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(#228) CHEZ PANISSE 40th ANNIVERSARY:
"To punish me for my contempt of authority, Fate has made me an authority myself. "
People come from all over the world to eat, just once in their lifetimes, at the famous Chez Panisse Restaurant. Their first and only impression rests on one meal, the service, the ambiance. How is it possible to work under those conditions? You can never mess up. You fear that you dare not experiment, the stakes are too high. You are held hostage to your own hard-won reputation.
Alice and I met in June of 1966, she was still a college student studying to be a school teacher, fascinated by her first, amazing, encounter with real food. I was a printing pressman & fledgling graphic designer, practicing calligraphy and fascinated by letter-forms. Together we gave dinner parties, experimented with food and graphics; we took risks, made mistakes, learned and grew. The stakes were low: a failed Sauce Béarnaise simply went into the garbage and we started again. Burnt croutons were scattered to the birds.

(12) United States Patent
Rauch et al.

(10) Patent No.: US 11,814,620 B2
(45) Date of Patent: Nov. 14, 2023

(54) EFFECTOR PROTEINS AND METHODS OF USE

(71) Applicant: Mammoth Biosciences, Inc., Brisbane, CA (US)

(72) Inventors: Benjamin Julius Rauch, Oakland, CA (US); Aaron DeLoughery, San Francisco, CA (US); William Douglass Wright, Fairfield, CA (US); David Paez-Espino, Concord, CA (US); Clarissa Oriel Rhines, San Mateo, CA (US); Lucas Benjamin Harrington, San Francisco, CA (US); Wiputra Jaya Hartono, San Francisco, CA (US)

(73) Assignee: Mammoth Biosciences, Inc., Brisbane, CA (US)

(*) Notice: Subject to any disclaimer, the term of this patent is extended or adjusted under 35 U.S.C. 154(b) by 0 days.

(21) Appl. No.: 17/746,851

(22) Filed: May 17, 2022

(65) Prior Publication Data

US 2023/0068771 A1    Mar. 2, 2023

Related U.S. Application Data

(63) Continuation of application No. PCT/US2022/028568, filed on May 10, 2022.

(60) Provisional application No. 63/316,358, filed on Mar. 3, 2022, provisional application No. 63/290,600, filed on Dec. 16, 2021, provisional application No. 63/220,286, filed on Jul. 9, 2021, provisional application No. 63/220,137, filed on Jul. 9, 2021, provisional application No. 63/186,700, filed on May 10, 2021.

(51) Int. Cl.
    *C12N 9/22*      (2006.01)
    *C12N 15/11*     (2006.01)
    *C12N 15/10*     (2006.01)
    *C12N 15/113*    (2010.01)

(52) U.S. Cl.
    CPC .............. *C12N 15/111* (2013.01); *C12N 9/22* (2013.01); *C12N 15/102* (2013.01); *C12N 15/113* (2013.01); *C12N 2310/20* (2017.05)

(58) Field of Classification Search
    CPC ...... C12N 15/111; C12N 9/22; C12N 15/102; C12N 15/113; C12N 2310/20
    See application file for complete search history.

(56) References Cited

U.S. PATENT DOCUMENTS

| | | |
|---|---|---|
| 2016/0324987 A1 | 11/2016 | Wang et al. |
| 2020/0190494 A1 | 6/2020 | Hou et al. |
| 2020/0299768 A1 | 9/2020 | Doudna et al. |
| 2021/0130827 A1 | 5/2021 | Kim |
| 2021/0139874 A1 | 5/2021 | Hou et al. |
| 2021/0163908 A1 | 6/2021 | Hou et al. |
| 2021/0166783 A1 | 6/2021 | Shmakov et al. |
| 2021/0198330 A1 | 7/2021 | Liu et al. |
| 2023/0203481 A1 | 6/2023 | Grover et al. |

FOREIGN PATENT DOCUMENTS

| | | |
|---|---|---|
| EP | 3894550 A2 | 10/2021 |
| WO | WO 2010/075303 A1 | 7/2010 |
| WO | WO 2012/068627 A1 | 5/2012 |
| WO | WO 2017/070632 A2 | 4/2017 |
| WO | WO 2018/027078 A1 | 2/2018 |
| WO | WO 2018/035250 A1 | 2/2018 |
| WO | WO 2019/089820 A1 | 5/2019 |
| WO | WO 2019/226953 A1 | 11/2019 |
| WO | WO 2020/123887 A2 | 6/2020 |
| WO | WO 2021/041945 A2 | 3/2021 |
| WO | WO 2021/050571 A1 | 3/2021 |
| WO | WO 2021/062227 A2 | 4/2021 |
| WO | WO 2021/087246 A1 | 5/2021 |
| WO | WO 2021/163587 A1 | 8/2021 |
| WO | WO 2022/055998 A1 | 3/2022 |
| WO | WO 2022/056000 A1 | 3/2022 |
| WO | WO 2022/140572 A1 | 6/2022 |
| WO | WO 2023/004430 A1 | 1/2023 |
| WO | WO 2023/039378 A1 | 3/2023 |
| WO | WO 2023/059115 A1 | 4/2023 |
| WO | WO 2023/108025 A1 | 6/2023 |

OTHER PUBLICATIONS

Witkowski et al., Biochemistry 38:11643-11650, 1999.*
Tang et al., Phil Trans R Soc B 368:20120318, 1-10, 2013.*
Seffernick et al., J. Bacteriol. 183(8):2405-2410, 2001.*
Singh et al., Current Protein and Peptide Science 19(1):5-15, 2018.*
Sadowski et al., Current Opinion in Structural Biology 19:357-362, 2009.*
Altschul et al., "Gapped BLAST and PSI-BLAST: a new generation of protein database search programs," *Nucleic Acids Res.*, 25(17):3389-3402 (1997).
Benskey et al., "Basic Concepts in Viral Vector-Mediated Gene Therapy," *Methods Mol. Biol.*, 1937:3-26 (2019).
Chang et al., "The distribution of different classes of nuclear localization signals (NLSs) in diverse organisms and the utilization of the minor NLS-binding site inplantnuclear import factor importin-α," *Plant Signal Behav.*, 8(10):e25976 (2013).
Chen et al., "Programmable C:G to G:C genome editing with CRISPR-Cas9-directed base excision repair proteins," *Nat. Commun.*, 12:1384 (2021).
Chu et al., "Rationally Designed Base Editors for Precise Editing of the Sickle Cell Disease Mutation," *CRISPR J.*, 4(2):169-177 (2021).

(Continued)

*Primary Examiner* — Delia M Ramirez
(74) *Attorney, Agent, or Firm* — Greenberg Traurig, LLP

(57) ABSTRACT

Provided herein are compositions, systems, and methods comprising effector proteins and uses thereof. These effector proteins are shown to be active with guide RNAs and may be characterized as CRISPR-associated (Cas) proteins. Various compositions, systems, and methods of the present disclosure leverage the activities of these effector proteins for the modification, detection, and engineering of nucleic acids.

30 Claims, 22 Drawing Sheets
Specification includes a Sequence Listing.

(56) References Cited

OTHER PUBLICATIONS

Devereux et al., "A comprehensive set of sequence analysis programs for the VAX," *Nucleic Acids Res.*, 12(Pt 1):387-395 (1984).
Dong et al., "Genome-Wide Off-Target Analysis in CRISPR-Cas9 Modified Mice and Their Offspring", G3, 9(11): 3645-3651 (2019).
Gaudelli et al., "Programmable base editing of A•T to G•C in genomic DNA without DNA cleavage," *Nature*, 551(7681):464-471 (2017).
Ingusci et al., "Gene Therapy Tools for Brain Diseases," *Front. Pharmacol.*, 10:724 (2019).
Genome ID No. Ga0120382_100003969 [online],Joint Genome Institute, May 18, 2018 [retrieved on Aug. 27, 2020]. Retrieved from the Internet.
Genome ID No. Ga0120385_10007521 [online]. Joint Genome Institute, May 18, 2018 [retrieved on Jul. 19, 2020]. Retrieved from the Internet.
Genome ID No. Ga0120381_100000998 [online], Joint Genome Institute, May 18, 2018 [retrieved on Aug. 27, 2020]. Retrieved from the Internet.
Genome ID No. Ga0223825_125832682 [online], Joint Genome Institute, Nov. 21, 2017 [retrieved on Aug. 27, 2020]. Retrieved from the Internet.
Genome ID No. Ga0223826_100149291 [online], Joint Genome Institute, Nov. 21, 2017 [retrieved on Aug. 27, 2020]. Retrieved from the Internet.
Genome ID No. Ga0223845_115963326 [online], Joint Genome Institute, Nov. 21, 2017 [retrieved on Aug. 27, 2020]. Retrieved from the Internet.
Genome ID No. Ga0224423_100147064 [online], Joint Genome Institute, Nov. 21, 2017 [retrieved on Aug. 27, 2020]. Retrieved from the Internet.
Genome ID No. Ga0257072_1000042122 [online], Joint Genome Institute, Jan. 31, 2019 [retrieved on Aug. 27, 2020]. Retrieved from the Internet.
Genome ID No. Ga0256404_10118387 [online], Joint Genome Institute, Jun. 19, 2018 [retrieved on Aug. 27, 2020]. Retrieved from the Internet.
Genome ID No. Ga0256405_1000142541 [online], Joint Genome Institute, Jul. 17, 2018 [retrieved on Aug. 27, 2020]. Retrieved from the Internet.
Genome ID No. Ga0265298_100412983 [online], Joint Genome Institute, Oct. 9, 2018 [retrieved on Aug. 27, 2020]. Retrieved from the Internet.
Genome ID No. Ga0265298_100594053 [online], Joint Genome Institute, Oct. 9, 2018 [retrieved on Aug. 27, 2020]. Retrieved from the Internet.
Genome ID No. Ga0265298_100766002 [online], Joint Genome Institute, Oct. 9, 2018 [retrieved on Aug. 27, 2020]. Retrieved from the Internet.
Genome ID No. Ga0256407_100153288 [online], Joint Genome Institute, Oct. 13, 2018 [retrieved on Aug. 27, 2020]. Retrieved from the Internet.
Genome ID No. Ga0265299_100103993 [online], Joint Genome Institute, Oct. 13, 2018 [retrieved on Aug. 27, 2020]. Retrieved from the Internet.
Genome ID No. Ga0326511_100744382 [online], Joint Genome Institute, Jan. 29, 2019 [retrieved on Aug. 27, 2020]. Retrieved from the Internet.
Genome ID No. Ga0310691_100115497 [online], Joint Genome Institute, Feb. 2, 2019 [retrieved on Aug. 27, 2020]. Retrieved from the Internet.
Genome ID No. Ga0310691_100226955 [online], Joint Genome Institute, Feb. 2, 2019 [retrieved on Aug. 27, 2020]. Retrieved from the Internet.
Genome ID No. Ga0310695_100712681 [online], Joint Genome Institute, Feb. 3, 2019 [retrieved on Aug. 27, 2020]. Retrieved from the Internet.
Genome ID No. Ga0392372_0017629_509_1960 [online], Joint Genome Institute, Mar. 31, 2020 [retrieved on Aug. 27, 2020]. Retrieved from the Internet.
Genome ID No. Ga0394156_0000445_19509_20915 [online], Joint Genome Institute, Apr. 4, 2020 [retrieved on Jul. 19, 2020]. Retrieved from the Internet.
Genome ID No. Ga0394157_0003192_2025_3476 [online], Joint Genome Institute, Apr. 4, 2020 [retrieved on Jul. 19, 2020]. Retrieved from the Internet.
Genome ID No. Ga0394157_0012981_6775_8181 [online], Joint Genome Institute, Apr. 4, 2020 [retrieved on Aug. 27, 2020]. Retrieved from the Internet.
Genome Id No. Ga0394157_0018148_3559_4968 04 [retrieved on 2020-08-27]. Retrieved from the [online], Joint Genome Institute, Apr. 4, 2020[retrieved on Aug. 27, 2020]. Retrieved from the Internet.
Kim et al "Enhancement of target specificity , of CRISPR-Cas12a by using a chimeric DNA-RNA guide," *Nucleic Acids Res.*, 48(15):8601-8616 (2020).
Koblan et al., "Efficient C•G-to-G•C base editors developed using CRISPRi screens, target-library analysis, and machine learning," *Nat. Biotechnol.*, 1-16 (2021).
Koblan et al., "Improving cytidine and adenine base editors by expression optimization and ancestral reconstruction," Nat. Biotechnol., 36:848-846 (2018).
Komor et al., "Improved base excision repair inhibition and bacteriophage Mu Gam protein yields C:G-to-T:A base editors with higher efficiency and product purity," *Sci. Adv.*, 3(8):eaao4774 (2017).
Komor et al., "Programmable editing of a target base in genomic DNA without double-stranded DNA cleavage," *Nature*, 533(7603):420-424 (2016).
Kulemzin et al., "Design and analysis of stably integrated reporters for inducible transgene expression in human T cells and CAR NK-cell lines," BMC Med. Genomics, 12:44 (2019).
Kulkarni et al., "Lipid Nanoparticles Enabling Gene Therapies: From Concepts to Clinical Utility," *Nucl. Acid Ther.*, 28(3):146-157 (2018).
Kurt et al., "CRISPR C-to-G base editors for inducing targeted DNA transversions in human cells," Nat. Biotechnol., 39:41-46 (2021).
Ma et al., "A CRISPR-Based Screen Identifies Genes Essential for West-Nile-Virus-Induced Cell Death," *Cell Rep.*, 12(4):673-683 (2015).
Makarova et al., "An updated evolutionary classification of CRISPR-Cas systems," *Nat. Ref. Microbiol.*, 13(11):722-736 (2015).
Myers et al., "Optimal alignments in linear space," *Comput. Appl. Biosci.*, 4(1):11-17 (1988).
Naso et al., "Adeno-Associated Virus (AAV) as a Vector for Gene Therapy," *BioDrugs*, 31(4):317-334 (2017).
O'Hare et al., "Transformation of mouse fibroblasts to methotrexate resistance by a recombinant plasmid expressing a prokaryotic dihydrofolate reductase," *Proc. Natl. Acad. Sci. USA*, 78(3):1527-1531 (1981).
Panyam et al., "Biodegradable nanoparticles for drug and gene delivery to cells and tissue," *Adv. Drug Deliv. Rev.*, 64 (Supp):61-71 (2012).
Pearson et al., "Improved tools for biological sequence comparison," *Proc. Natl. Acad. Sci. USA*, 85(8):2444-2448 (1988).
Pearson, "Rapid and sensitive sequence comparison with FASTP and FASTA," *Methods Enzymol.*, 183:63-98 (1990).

It's not so much that we can no longer take chances, it's that we are tempted to feel that we are no longer addressing an audience that is taking chances along with us. We cannot disappoint those who did not grow up with us, who did not learn alongside us, who did not change with us. People who were born when Chez Panisse opened are now middle-aged. We are tempted no longer to trust our audience. Of course, the audience is us, so this would mean that we no longer have confidence in our vision.
The trick is to blind ourselves to failure, trust our audience and leap into the unknown each and every time. To take the confidence borne of countless similar leaps for knowledge that it will all turn out alright. What we may perceive as a glaring error is, in fact, invisible to everyone but our own all-critical eye.
You can always repeat a success, hewing more and more toward the center of the road, playing it safe, not taking chances, or you can accept that the other side of the coin of success is abject failure and get on with it, drawing your worst behind you like the end-point on a graph until your very worst is, at least, an acceptable level of adventurous failure.
As Julia Child said, "If you make a mistake, call it something else."